Fire investigators found 16 code violations after the fire. The bolted exit door was one them. Inspectors also confirmed there were missing smoke alarms.

Records released by the Las Vegas Fire Marshall show it was the first fire inspection in two years. Since Adolfo Orozco bought the alpine motel in 2013, the building has a history of failing inspections. FOX5 reached out to Orozco and his attorney several times but never heard back.

Records show between March 21, 2016 and April 26, 2017 it failed seven fire inspections. On April 26, under the “result” column it listed that case as “closed” but it still listed violations.   

No one from the city would do an on-camera interview. City spokesperson Jace Radke said other than repairs or new construction, fire inspections are complaint driven.

CITY REMAINS TIGHT-LIPPED

FOX5’s request with fire investigators to explain the process of fire complaints and inspections was also denied. Records showed people did complain to the city, some just weeks before the fire.

“The Alpine Fire remains under investigation, so I cannot specifically comment about [those complaints] or the inspection records relating to it,” said Radke.

On November 25, someone complained to city staffers that the outlets were sparking and the oven didn’t work. Records showed code enforcement crews “resolved” that on Dec. 2.

It wasn't clear if anyone ever went to investigative.

"Code enforcement has been out there and made many, many citations ... It was the irresponsibility of the property owner,” said Las Vegas Mayor Carolyn Goodman a couple weeks after the fire.

All Jacobo has left of him are small pictures around her new apartment, wilting flowers from his funeral and his bike. Jones still has Bennett’s jacket. Jacobo said she will never ride the bike, and Jones will never fit that jacket, but both are prized possessions.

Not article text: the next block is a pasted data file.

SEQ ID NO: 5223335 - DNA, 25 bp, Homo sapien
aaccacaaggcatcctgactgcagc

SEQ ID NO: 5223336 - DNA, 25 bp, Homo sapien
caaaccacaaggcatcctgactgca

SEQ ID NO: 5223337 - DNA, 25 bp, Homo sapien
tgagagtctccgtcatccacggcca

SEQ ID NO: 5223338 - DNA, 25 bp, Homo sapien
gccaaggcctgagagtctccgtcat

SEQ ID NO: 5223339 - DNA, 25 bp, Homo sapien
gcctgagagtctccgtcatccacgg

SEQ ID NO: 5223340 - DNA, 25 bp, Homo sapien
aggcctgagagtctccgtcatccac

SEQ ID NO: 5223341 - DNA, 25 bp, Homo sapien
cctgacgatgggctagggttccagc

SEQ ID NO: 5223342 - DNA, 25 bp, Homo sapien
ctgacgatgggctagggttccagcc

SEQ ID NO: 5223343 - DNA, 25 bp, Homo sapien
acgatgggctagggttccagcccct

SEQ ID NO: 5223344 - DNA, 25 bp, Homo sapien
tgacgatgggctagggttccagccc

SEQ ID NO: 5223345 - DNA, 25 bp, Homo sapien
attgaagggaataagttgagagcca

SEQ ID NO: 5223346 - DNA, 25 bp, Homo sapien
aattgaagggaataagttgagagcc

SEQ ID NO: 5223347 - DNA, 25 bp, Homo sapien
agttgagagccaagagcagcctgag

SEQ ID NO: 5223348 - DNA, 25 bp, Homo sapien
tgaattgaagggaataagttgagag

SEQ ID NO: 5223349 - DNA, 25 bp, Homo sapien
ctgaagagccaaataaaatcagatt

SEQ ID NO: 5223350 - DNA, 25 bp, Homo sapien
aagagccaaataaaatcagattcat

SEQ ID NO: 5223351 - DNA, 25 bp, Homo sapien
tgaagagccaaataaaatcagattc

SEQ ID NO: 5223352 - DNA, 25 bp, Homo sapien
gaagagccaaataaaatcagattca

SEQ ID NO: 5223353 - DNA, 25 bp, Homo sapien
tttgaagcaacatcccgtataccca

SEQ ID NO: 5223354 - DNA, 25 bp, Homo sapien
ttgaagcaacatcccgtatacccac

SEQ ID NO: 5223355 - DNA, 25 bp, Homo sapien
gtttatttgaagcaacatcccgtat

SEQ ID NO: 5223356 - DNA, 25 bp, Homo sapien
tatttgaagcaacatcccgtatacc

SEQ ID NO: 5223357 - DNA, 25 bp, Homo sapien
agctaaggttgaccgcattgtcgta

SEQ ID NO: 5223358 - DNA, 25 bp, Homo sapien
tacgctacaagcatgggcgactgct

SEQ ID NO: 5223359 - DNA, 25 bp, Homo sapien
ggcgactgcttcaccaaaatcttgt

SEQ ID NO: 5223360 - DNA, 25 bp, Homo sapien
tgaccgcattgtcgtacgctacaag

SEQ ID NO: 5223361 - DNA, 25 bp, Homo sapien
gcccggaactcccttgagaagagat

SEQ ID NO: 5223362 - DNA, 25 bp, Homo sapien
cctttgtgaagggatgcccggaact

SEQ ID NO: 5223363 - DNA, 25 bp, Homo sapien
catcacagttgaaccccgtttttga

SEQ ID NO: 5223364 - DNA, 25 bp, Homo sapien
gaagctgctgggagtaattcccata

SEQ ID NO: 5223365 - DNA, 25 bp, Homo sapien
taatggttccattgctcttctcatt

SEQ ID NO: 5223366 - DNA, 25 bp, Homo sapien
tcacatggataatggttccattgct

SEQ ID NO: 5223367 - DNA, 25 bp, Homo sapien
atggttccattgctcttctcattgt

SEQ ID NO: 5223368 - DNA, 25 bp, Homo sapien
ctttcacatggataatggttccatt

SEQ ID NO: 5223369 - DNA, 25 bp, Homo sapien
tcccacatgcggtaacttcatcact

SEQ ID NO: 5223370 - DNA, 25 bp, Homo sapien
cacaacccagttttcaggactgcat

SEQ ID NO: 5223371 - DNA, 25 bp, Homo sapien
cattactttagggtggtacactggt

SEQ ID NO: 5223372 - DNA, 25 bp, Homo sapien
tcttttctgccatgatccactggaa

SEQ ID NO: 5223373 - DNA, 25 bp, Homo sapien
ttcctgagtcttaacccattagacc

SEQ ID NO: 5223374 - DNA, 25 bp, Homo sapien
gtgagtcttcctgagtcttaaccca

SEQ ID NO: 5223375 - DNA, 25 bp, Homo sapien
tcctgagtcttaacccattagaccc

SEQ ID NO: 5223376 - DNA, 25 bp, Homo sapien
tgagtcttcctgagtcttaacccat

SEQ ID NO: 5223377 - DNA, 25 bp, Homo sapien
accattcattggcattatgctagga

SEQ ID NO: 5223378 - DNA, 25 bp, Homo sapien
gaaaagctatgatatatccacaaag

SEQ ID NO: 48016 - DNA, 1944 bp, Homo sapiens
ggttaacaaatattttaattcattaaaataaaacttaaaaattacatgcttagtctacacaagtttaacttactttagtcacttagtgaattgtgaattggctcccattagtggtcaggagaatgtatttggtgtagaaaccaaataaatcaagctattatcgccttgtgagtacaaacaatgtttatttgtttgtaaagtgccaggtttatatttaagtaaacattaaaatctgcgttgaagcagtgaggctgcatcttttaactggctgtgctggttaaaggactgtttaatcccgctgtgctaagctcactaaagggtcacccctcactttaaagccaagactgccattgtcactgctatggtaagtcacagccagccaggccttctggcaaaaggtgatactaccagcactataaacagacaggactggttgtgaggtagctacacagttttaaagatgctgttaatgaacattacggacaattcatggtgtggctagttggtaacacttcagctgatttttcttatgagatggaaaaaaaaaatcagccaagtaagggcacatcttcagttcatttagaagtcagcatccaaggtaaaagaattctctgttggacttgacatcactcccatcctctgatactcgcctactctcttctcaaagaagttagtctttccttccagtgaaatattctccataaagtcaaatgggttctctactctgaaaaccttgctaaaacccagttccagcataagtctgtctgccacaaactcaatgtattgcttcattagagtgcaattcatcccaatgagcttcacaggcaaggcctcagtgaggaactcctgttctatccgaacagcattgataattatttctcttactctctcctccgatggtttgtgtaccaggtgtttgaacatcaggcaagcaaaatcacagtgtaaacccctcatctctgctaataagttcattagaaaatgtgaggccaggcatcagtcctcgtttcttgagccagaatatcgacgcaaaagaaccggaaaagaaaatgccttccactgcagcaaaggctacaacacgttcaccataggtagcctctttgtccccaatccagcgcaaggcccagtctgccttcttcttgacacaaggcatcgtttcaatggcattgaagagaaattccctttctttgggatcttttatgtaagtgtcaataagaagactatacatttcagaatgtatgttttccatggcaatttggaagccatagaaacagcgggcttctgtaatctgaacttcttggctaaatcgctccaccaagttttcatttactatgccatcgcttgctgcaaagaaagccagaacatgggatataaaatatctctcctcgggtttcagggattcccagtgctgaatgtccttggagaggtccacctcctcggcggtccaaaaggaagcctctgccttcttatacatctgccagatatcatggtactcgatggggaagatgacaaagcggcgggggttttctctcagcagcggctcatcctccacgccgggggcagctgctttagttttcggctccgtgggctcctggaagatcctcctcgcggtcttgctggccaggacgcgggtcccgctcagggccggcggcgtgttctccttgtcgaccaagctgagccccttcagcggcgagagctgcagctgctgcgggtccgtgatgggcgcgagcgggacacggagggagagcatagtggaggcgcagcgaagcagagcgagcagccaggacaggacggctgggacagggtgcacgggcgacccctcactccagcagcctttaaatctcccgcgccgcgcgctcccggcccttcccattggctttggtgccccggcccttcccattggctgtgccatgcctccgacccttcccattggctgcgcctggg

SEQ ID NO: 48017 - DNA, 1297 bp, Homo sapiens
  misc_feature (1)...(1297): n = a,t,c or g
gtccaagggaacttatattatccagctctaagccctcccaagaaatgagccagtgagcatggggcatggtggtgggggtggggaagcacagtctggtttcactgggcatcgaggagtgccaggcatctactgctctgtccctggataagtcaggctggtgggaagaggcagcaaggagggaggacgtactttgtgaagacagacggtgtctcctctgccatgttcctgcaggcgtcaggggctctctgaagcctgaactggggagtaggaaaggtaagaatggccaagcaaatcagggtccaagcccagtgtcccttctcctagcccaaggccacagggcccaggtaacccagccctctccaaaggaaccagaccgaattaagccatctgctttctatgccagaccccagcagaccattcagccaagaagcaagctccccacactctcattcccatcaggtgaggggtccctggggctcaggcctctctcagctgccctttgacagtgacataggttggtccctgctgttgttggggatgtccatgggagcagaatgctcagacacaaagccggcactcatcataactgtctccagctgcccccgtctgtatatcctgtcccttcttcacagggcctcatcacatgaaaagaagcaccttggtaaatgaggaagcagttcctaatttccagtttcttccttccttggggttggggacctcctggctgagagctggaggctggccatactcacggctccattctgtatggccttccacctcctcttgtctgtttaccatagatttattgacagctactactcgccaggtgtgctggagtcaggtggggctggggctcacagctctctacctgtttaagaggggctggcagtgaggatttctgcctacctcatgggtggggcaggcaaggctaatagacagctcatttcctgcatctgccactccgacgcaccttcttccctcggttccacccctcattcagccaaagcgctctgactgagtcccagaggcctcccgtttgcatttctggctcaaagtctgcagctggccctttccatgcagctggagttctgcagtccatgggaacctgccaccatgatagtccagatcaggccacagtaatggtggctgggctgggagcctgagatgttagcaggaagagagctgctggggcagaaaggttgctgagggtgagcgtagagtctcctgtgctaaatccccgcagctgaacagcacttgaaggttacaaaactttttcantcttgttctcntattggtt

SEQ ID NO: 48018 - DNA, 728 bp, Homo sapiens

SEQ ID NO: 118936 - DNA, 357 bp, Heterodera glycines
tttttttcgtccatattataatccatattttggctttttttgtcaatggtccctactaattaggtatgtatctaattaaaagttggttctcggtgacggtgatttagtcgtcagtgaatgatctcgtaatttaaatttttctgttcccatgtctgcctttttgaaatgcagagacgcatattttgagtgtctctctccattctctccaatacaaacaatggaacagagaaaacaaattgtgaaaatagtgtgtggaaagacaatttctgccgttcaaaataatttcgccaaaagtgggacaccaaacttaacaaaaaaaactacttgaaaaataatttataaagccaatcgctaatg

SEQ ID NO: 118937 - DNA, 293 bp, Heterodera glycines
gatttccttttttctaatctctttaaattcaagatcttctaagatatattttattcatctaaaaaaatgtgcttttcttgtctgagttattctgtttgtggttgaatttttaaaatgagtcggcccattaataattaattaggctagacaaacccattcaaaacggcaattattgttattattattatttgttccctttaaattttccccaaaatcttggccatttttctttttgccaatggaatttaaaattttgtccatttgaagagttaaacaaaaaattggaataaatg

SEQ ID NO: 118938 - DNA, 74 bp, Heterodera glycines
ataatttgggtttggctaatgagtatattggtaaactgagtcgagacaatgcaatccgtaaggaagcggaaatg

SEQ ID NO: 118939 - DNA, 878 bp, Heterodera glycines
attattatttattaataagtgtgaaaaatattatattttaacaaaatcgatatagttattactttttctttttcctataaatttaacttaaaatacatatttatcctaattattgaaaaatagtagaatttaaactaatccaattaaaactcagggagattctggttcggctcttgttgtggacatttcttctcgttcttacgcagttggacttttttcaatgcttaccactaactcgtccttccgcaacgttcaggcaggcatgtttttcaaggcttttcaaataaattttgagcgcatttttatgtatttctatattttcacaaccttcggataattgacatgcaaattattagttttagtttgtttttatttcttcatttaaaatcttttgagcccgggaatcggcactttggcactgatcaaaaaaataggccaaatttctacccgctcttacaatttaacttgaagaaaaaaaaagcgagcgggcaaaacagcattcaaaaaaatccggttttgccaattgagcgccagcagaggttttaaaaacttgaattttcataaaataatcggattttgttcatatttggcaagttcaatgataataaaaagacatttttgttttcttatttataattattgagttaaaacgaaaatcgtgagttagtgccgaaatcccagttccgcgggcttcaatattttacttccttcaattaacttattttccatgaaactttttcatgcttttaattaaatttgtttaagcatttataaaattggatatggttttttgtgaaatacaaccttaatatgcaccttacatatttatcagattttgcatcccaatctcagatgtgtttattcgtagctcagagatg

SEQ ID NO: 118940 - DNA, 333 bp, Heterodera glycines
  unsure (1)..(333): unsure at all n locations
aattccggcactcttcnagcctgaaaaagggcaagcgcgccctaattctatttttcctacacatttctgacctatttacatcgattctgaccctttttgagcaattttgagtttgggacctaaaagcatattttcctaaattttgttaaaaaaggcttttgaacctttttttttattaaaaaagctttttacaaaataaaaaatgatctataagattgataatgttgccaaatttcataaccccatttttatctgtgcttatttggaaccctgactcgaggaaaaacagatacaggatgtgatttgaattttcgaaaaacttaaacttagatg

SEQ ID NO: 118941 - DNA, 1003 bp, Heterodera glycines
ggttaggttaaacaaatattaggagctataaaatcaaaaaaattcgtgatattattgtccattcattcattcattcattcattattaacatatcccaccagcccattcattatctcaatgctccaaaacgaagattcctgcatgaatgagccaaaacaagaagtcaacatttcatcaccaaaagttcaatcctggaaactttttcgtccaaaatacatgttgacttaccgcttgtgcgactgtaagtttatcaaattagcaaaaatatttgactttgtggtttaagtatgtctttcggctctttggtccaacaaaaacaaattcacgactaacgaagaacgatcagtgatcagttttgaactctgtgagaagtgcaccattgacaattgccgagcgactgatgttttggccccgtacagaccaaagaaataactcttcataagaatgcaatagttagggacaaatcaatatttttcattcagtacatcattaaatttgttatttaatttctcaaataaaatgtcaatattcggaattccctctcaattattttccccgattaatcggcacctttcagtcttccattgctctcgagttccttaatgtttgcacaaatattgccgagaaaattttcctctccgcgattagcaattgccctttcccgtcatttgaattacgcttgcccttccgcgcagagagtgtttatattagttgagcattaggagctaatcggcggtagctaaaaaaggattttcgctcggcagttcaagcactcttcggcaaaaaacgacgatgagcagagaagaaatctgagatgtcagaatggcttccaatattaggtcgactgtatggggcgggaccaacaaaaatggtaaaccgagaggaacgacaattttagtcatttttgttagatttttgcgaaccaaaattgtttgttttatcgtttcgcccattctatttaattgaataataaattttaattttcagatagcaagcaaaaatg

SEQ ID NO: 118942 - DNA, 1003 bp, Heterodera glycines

“That’s Don, you can’t give away Don,” said Jones pointing to Bennett’s jacket. Jacobo said she’ll keep watering his dying flowers just to keep his memory alive.

Mayor Goodman, Las Vegas City Council and other city staff said they don’t want family and friends to lose another Bennett, or any of the other five people who didn’t make it out of the fire.  

They’re working on a new mandatory program for property owners and managers that would help keep an eye on older buildings like the Alpine.

Copyright 2019 KVVU (KVVU Broadcasting Corporation). All rights reserved

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(2) comments

bottom and company

After military discharge, I stayed in a large number of these old residential hotels in downtown San Diego and learned very quickly they often are all alike. Each room came with an entire smorgasbord of rules some reasonable and some not. But the one rule that was paramount in ALL of these old hotels was that rooms were 100% off limits to tenant visitors. And it was management's odd preoccupation with this one rule that often motivated these hotels to bar the fire exits for weeks and months at a time. Which of course rendered them completely impassable in what else? The case of fire.

Jimmy coors

Wah wah,getto crying 😢! Petty stuff, just a run down place cheap & lots of loosers living there ,even low iq mentality people should think about safety!